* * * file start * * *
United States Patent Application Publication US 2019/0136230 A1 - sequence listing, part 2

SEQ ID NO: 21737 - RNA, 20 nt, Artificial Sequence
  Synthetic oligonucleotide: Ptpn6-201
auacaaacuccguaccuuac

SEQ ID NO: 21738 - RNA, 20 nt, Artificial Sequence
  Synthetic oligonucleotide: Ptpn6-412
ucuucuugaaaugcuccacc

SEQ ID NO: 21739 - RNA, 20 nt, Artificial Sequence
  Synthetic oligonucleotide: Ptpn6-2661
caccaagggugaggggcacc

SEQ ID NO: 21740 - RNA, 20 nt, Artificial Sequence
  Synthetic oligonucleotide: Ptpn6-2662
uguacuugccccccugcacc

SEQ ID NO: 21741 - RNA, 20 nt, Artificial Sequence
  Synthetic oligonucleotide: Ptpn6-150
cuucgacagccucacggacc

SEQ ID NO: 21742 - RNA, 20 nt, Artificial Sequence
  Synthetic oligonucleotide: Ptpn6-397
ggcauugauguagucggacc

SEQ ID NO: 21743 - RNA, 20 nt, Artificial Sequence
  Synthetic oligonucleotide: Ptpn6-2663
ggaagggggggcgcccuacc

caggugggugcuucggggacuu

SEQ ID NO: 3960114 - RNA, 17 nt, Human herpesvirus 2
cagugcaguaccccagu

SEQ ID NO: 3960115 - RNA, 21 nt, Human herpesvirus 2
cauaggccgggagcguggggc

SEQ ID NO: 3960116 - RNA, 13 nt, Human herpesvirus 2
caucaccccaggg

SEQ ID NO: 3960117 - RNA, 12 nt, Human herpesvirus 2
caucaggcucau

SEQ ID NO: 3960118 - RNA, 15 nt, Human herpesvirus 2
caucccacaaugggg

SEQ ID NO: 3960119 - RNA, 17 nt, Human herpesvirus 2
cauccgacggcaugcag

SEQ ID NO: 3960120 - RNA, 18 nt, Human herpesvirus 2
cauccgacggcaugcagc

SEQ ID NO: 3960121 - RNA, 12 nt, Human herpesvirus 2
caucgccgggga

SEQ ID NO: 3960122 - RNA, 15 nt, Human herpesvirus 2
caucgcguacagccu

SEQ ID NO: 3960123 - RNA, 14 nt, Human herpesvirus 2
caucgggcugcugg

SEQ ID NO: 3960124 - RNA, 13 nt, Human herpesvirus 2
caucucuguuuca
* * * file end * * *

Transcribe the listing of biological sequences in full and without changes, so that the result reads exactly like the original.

United States Patent Application Publication US 2019/0136230 A1 - sequence listing, part 2

SEQ ID NO: 21737 - RNA, 20 nt, Artificial Sequence
  Synthetic oligonucleotide: Ptpn6-201
auacaaacuccguaccuuac

SEQ ID NO: 21738 - RNA, 20 nt, Artificial Sequence
  Synthetic oligonucleotide: Ptpn6-412
ucuucuugaaaugcuccacc

SEQ ID NO: 21739 - RNA, 20 nt, Artificial Sequence
  Synthetic oligonucleotide: Ptpn6-2661
caccaagggugaggggcacc

SEQ ID NO: 21740 - RNA, 20 nt, Artificial Sequence
  Synthetic oligonucleotide: Ptpn6-2662
uguacuugccccccugcacc

SEQ ID NO: 21741 - RNA, 20 nt, Artificial Sequence
  Synthetic oligonucleotide: Ptpn6-150
cuucgacagccucacggacc

SEQ ID NO: 21742 - RNA, 20 nt, Artificial Sequence
  Synthetic oligonucleotide: Ptpn6-397
ggcauugauguagucggacc

SEQ ID NO: 21743 - RNA, 20 nt, Artificial Sequence
  Synthetic oligonucleotide: Ptpn6-2663
ggaagggggggcgcccuacc

caggugggugcuucggggacuu

SEQ ID NO: 3960114 - RNA, 17 nt, Human herpesvirus 2
cagugcaguaccccagu

SEQ ID NO: 3960115 - RNA, 21 nt, Human herpesvirus 2
cauaggccgggagcguggggc

SEQ ID NO: 3960116 - RNA, 13 nt, Human herpesvirus 2
caucaccccaggg

SEQ ID NO: 3960117 - RNA, 12 nt, Human herpesvirus 2
caucaggcucau

SEQ ID NO: 3960118 - RNA, 15 nt, Human herpesvirus 2
caucccacaaugggg

SEQ ID NO: 3960119 - RNA, 17 nt, Human herpesvirus 2
cauccgacggcaugcag

SEQ ID NO: 3960120 - RNA, 18 nt, Human herpesvirus 2
cauccgacggcaugcagc

SEQ ID NO: 3960121 - RNA, 12 nt, Human herpesvirus 2
caucgccgggga

SEQ ID NO: 3960122 - RNA, 15 nt, Human herpesvirus 2
caucgcguacagccu

SEQ ID NO: 3960123 - RNA, 14 nt, Human herpesvirus 2
caucgggcugcugg

SEQ ID NO: 3960124 - RNA, 13 nt, Human herpesvirus 2
caucucuguuuca